Ergon's GD1 grips are a far cry from the brand's usually heavily sculpted ergonomic offerings, with a relatively simple flanged design pitched at the gravity crowd but that works well for trail and enduro riders too. They've got some nice details but they're fairly expensive.
While they appear to be fairly simple, they're packed with small details. They're available in two different thicknesses, for smaller or larger hands and on both the thickness along the length of the grip is tapered from thinner to fatter at the end of the bar.
That's said to give you a little bit more cushioning where you need it while minimising overall bulk - I can't say I noticed any huge difference over a straight grip to be honest. These are the more basic grips which use Ergon's 'GravityControl' rubber compound but for an extra £5, there's a 'Factory' version that uses an even softer and gripper compound. I'd be tempted to plump for those as the thin ones I tested are pretty direct feeling - though there's also the fatter versions.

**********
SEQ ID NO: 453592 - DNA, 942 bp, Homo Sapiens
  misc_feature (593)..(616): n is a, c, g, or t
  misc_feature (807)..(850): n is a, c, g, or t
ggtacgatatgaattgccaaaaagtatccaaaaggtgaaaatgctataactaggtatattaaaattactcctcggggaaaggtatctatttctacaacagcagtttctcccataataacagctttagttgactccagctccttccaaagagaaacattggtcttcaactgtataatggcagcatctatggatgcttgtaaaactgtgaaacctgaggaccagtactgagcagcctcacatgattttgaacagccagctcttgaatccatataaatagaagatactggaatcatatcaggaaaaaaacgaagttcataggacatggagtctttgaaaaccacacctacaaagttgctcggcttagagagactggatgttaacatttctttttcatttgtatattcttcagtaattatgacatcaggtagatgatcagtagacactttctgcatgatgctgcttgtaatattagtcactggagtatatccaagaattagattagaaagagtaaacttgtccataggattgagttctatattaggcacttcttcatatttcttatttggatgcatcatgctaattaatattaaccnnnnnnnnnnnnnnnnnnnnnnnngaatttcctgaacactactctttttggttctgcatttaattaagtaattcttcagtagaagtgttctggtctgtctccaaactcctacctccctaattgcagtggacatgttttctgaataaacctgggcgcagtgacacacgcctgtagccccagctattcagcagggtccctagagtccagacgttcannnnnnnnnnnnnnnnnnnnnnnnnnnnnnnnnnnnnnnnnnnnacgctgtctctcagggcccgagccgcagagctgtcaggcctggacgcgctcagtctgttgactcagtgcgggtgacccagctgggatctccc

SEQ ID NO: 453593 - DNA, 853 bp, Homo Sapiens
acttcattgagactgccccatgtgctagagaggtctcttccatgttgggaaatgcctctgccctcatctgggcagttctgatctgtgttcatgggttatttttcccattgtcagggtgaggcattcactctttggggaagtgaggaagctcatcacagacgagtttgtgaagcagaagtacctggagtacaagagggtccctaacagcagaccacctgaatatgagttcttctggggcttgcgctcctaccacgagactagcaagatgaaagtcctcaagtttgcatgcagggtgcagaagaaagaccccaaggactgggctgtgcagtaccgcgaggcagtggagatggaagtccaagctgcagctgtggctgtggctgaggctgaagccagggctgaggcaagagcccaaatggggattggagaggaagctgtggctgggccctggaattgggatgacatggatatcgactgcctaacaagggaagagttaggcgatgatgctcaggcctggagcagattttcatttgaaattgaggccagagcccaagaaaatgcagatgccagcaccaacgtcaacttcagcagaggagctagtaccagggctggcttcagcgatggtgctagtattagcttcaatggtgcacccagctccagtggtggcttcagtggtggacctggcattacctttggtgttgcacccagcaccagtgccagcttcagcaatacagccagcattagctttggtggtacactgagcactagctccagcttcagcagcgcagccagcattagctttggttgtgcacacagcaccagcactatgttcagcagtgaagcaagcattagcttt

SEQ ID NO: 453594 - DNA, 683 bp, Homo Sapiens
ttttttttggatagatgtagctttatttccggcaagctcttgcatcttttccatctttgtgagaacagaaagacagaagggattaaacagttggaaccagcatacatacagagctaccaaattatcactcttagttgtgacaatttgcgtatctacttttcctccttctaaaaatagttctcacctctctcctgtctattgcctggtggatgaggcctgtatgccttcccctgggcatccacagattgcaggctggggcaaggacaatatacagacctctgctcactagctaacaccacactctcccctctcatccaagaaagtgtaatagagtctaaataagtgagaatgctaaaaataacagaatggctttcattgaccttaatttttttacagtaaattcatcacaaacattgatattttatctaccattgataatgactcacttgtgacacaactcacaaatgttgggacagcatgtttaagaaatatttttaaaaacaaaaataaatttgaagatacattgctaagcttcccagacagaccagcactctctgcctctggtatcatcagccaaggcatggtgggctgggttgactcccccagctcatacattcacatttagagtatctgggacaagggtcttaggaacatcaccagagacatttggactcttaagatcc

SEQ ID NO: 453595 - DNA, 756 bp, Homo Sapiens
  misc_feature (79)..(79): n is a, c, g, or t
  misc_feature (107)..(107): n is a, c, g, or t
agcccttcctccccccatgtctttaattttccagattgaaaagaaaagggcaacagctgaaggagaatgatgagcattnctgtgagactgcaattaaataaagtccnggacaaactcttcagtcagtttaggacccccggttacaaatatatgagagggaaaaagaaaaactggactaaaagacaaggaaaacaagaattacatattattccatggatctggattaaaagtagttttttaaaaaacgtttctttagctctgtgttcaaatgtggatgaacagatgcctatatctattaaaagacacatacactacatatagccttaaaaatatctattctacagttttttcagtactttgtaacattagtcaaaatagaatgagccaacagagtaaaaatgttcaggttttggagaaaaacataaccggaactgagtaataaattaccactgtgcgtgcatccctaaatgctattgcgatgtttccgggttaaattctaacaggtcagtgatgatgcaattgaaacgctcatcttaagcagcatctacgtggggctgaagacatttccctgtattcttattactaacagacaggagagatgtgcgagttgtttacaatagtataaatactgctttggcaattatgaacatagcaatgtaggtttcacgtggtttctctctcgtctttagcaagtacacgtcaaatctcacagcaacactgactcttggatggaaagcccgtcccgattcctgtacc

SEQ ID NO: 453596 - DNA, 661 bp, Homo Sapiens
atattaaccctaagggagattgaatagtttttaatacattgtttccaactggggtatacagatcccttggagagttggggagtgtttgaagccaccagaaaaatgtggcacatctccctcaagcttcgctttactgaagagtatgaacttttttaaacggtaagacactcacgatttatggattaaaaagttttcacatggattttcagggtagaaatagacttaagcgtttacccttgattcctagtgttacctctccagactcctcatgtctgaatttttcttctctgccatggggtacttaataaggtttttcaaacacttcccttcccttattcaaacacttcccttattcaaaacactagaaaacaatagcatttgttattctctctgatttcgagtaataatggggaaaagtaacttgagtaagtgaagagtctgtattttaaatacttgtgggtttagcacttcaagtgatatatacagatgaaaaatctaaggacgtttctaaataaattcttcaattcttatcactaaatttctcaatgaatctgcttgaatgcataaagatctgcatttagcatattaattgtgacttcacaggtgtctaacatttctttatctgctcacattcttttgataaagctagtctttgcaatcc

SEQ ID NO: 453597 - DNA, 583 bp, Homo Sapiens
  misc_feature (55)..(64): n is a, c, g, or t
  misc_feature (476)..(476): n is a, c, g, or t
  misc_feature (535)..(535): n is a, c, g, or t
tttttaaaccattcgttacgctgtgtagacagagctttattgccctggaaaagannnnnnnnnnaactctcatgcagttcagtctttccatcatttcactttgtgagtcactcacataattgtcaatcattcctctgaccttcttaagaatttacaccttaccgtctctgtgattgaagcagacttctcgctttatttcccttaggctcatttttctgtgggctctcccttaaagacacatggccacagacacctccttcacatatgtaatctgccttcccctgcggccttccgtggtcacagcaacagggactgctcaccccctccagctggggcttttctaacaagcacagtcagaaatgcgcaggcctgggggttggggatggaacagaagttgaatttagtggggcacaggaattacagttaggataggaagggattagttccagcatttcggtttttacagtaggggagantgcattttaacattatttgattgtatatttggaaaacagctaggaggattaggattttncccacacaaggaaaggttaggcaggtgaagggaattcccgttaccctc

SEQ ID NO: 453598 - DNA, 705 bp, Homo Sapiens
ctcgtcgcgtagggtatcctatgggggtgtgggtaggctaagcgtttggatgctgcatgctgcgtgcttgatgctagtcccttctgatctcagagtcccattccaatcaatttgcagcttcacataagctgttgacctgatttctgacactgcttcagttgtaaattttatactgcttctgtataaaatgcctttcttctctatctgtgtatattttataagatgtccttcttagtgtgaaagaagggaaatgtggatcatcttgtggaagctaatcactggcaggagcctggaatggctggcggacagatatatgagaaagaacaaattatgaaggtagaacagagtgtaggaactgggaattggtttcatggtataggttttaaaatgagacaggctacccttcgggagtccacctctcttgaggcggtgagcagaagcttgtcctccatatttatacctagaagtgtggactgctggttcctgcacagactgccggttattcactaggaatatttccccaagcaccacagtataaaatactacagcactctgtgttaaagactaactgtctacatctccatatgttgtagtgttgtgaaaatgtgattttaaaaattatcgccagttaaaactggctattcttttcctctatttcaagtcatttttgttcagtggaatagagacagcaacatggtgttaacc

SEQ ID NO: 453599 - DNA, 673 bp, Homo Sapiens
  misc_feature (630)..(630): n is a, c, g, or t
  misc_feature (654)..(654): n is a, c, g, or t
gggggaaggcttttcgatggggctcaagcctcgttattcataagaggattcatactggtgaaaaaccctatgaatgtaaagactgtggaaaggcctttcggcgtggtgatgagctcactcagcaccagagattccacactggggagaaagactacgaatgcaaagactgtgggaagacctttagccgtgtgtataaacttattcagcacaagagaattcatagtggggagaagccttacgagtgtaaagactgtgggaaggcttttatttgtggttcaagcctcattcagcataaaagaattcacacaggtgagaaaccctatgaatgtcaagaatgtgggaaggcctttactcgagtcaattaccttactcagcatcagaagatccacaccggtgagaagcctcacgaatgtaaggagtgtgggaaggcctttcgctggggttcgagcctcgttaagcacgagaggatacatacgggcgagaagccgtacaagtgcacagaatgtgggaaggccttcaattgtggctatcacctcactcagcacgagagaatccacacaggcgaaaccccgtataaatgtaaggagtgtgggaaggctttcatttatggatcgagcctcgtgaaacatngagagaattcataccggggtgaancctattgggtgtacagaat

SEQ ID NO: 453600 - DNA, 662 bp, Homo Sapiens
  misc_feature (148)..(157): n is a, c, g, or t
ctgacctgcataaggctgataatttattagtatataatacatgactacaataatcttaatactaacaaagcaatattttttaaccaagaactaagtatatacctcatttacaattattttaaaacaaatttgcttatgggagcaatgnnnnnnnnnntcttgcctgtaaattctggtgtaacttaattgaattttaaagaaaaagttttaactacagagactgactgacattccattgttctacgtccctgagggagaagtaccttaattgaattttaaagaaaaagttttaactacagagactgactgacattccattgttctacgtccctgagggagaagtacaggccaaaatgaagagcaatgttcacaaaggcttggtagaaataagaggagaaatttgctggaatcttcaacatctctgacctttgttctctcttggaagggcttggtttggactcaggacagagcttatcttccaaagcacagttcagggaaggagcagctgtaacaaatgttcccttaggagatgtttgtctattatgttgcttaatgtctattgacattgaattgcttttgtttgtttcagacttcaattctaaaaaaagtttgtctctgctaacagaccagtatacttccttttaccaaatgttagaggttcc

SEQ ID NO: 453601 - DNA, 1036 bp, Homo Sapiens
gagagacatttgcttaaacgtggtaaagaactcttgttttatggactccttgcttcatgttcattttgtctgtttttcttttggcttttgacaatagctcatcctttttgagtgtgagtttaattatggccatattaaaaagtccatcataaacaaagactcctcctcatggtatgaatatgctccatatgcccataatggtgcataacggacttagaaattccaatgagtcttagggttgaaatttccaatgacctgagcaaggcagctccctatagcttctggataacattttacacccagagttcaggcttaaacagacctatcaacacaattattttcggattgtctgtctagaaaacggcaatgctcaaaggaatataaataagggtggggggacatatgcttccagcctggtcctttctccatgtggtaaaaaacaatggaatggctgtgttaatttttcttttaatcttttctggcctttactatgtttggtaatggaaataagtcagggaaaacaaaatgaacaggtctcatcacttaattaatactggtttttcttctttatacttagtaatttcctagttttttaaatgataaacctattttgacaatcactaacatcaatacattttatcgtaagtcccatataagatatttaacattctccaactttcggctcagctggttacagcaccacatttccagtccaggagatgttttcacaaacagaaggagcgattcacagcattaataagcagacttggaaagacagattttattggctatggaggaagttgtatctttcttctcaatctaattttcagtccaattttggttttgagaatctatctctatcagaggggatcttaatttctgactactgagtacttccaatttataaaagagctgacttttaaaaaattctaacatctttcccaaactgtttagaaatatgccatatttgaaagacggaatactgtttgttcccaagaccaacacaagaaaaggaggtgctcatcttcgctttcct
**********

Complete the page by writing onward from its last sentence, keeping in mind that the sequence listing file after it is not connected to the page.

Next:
The grips are right and left-handed, with highly detailed texturing that includes ridging on the underside. I found it worked well to maximise grip and seemed to bite through any mud on your gloves without feeling uncomfortable the rest of the time.
There's a single lock-on clamp on the grip, with a nice broad clamp that really holds them securely and leaves the end of the grip without any uncomfortable hard bits. The small flange helps locate your hand but I mostly liked it for the old-school BMX vibes - Ergon makes a range of enduro-specific non-flanged versions if you want to do without.
At 128g, they're pretty much the same as most other lock-on grips, though the asking price is a bit higher than more basic designs. Wear rates have been very impressive and they seem pretty tough too, which does make them seem slightly better value.
Jon was previously the editor here at off.road.cc. Whether it's big days out on the gravel bike or hurtling down technical singletracks, if it's got two wheels and can be ridden on dirt, then he's into it. He's previously been technical editor at BikeRadar.com, editor at What Mountain Bike Magazine and also web editor at Singletrackworld.co.uk. Yes, he's been around the houses.